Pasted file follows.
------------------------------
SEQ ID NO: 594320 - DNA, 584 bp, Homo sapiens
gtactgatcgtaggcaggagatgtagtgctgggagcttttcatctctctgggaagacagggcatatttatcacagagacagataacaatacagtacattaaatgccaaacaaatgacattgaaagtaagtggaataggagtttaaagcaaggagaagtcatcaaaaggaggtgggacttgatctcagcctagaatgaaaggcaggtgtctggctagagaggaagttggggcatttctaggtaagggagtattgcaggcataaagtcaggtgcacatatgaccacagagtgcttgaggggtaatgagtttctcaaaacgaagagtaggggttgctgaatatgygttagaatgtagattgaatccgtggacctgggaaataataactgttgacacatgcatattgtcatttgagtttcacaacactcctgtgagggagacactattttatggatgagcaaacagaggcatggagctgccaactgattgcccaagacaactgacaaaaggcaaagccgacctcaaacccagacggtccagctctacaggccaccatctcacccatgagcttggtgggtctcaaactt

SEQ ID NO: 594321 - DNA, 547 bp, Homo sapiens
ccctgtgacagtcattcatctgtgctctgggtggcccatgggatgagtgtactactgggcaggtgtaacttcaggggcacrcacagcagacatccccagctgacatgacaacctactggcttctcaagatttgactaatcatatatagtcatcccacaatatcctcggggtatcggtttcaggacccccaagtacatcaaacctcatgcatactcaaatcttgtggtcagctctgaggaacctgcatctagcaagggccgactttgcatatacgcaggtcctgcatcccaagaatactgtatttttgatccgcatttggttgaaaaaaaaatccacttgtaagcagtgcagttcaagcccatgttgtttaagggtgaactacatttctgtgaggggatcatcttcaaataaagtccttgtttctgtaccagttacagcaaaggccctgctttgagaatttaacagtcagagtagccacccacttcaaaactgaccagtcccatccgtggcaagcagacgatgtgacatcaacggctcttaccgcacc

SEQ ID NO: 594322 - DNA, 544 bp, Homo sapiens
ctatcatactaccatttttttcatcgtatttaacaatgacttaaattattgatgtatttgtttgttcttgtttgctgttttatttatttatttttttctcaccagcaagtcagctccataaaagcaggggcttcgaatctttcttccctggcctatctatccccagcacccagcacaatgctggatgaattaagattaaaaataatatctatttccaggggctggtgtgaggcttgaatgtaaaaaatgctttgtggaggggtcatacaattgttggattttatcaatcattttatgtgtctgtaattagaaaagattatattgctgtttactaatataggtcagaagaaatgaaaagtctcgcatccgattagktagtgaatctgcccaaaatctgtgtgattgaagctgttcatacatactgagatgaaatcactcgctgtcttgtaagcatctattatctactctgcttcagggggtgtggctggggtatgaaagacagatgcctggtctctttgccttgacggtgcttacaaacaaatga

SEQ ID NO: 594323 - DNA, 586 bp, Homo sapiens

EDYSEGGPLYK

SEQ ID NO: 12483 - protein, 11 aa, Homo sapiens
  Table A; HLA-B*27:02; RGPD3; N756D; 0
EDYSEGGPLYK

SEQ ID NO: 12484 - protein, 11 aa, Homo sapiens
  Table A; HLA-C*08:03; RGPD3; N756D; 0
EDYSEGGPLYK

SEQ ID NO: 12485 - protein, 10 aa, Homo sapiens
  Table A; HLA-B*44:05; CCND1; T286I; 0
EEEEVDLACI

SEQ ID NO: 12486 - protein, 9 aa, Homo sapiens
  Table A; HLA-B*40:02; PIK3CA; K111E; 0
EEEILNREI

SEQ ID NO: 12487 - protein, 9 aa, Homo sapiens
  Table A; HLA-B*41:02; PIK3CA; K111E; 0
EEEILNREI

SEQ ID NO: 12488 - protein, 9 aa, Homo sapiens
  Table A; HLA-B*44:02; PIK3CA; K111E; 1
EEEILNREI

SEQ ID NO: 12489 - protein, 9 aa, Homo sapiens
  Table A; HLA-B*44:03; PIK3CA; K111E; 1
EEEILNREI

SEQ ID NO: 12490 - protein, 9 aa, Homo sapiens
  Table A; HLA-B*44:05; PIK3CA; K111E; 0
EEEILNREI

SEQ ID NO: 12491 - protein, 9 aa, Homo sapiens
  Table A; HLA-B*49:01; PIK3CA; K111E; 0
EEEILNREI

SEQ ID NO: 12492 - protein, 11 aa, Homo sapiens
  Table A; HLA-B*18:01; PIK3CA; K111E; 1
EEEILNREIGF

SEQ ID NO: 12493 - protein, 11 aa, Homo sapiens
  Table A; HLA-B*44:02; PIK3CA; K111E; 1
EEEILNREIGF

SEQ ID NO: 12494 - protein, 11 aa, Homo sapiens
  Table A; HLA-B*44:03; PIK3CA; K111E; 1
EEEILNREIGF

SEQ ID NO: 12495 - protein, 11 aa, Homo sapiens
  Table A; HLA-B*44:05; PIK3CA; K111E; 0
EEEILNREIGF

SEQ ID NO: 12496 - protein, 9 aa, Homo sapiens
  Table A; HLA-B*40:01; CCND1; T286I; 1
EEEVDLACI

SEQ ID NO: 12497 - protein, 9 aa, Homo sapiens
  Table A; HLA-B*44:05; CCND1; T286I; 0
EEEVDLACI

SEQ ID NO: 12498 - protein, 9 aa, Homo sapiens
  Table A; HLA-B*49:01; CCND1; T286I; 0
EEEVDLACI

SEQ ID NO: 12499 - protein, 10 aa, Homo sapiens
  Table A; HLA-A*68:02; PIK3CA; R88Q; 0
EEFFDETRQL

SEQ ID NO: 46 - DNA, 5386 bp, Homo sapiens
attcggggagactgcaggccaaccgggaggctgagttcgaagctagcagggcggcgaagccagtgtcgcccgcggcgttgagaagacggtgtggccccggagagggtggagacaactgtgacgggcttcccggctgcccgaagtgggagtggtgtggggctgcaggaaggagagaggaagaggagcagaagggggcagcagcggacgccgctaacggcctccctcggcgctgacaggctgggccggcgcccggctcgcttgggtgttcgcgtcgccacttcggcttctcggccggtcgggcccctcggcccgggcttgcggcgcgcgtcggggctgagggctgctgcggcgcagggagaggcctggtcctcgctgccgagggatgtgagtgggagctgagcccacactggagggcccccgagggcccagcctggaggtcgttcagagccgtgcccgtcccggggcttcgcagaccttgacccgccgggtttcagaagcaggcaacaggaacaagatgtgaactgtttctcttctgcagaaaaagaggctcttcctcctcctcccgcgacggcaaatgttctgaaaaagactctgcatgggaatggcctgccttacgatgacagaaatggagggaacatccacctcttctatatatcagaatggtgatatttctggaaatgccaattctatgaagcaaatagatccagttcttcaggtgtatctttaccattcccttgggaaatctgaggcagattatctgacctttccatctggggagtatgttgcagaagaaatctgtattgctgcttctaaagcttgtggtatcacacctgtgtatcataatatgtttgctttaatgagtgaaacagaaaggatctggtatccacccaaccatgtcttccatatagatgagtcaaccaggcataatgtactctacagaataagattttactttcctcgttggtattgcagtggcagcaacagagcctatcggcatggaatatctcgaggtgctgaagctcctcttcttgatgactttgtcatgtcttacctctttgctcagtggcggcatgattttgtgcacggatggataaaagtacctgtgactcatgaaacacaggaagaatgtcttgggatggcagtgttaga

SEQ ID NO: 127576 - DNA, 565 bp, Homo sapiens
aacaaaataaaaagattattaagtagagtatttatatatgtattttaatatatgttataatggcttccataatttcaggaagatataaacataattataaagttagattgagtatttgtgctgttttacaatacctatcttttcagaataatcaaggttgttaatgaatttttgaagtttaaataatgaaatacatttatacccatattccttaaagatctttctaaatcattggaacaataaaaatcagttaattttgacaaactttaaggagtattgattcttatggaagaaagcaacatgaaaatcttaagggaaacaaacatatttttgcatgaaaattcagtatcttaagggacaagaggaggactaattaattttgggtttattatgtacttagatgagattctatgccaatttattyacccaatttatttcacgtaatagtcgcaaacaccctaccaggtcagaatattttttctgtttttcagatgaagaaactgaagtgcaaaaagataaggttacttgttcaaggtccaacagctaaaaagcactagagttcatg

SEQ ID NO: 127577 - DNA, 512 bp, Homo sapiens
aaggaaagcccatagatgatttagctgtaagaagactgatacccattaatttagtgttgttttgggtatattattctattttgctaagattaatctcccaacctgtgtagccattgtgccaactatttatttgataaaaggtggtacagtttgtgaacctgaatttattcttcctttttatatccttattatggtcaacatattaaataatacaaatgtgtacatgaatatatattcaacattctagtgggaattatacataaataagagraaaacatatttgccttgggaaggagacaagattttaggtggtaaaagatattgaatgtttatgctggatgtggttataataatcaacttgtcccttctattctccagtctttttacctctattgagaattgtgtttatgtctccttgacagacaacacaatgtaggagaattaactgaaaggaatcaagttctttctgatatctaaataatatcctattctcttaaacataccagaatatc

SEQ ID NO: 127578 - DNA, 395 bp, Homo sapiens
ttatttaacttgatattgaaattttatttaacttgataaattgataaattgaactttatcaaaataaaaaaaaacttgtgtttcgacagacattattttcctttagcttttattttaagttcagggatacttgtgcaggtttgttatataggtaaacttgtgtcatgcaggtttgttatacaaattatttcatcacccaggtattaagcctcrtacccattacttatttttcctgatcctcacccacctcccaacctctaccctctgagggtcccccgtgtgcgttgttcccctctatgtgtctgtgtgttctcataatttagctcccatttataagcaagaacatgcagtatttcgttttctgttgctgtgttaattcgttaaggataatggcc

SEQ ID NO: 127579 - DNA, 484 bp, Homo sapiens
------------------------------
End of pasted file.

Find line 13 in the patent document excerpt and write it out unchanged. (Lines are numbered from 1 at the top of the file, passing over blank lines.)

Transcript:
  Table A; HLA-C*08:03; RGPD3; N756D; 0